EXERT FROM APPENDIX 1 from Don Featherstone's Battles With Model Soldiers
(The book that got me started.)

"Nothing in these pages is a dictate, no word says you must or you shall do it this way. On the contrary, the book sets out from the very beginning to stimulate the reader to think for himself, and to use what he has read merely as a foundation for efforts and ideas which reflect his own temperament and character. Only in this way will he obtain maximum satisfaction from the hobby of battling with model soldiers."

-Don Featherstone 1918 - 2013

Sunday, March 6, 2016

Taking the Low Road

Storm Day!  Well, not much of a storm but good enough for me, I retired to my room. (Should I have a "nifty" nickname for my hobby room?)  My intention was to paint but I had trouble settling in and suddenly thought "I want to play a game!" OK, then,  what should I play?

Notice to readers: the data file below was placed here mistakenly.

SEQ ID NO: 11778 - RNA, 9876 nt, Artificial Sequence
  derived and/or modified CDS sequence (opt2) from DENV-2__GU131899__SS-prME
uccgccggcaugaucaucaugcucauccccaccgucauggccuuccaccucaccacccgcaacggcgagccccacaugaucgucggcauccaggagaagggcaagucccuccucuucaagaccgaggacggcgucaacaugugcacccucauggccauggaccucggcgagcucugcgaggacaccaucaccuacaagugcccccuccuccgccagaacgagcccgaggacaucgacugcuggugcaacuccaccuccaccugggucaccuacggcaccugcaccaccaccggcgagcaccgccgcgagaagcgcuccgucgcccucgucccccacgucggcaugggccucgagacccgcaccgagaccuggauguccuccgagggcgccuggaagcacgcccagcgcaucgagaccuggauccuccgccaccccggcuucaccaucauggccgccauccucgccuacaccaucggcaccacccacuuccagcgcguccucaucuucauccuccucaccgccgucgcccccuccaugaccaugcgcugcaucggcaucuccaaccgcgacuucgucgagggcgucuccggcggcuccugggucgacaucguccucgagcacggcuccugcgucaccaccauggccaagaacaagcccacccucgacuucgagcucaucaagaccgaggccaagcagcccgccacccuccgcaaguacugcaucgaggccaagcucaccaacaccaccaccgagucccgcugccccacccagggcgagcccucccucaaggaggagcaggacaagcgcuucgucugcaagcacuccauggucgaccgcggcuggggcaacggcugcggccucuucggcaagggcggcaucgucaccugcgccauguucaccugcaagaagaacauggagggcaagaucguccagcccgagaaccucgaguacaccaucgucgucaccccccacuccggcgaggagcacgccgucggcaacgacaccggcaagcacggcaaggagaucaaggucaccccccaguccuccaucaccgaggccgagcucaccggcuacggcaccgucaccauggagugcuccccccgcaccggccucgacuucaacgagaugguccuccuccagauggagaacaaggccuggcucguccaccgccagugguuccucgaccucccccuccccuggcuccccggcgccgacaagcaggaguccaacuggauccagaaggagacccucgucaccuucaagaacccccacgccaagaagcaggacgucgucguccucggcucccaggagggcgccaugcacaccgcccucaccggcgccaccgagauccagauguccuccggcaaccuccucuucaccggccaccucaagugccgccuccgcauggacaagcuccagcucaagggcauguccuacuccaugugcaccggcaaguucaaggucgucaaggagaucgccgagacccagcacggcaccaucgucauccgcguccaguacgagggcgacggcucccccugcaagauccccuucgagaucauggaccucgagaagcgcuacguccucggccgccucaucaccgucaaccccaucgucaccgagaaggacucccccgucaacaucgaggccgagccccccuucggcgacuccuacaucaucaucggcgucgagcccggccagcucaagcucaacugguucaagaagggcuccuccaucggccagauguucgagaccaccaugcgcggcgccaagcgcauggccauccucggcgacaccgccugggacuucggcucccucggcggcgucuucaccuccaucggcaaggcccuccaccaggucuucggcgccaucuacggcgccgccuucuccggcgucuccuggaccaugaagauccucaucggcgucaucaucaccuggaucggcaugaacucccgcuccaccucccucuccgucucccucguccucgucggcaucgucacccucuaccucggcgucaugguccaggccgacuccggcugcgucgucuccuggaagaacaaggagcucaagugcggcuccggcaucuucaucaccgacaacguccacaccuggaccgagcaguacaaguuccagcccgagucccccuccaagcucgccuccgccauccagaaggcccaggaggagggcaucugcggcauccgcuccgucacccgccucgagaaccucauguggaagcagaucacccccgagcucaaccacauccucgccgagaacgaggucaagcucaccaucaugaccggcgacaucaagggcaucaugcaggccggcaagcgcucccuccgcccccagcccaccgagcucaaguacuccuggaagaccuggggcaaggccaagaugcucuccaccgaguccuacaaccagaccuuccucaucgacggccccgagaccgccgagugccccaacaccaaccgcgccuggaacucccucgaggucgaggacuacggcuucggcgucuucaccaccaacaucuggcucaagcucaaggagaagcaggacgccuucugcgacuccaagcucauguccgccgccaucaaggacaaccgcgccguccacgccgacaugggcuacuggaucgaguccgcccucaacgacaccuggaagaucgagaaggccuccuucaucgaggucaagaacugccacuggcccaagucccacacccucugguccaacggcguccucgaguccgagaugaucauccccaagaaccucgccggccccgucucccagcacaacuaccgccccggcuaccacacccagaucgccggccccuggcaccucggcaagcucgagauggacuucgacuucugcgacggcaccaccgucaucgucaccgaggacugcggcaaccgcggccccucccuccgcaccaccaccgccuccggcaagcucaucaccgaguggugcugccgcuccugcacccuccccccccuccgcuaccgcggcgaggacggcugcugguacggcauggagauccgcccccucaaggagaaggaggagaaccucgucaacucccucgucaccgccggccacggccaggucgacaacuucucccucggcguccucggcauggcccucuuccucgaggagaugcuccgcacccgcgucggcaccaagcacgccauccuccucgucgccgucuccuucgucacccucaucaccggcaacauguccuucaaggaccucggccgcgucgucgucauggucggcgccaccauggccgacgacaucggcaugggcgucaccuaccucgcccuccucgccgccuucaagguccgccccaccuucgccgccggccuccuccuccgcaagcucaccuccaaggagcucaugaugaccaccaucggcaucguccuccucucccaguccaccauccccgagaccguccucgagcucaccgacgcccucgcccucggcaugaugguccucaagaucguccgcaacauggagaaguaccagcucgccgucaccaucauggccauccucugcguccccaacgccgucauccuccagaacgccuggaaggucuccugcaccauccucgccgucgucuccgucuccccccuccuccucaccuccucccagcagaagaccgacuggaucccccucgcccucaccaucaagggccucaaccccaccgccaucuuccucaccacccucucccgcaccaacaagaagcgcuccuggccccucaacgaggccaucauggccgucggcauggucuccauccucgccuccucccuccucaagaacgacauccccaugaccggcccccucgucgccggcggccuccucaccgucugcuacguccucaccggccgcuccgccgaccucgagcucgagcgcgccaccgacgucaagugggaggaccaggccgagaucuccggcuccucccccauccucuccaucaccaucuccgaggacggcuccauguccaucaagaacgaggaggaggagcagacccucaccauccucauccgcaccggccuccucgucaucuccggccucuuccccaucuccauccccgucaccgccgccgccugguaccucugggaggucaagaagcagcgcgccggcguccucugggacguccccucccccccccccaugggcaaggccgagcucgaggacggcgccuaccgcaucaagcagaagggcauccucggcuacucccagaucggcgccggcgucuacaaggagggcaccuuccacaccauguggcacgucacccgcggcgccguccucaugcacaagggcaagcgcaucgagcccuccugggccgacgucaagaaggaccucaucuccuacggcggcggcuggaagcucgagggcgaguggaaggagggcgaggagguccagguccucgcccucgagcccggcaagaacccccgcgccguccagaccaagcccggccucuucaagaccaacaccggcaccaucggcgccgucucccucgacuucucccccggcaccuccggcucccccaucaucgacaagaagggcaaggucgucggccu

More of the same? Something different? Something easy? Yes, something quick and easy and something that hasn't been out for a while. I thought about NQSYW but pushing 200 individual figures around a table which is too small for them in their current state didn't appeal. Prince Valiant games kinda require a story line and write up which I didn't feel up to. Quick and easy did sound like I should haul out Thomas's book again. I flipped it open then turned pages until I found one I hadn't tried yet.
The new light fixture doesn't seem to have helped much. On to Plan C.
OHW about to begin.
 

"Scenario 23 Defence in Depth", inspired by Yellow Ford? Aha! 16thC English vs  Scots should be close enough to feel at home.  But... what about rules. I decided to try the Pike & Shot rules in the book. All the usual gripes occur. No artillery, ever? Really? etc  But in general what he has and the explanation behind the rules all work so I figured I'd give them a go and started picking troops.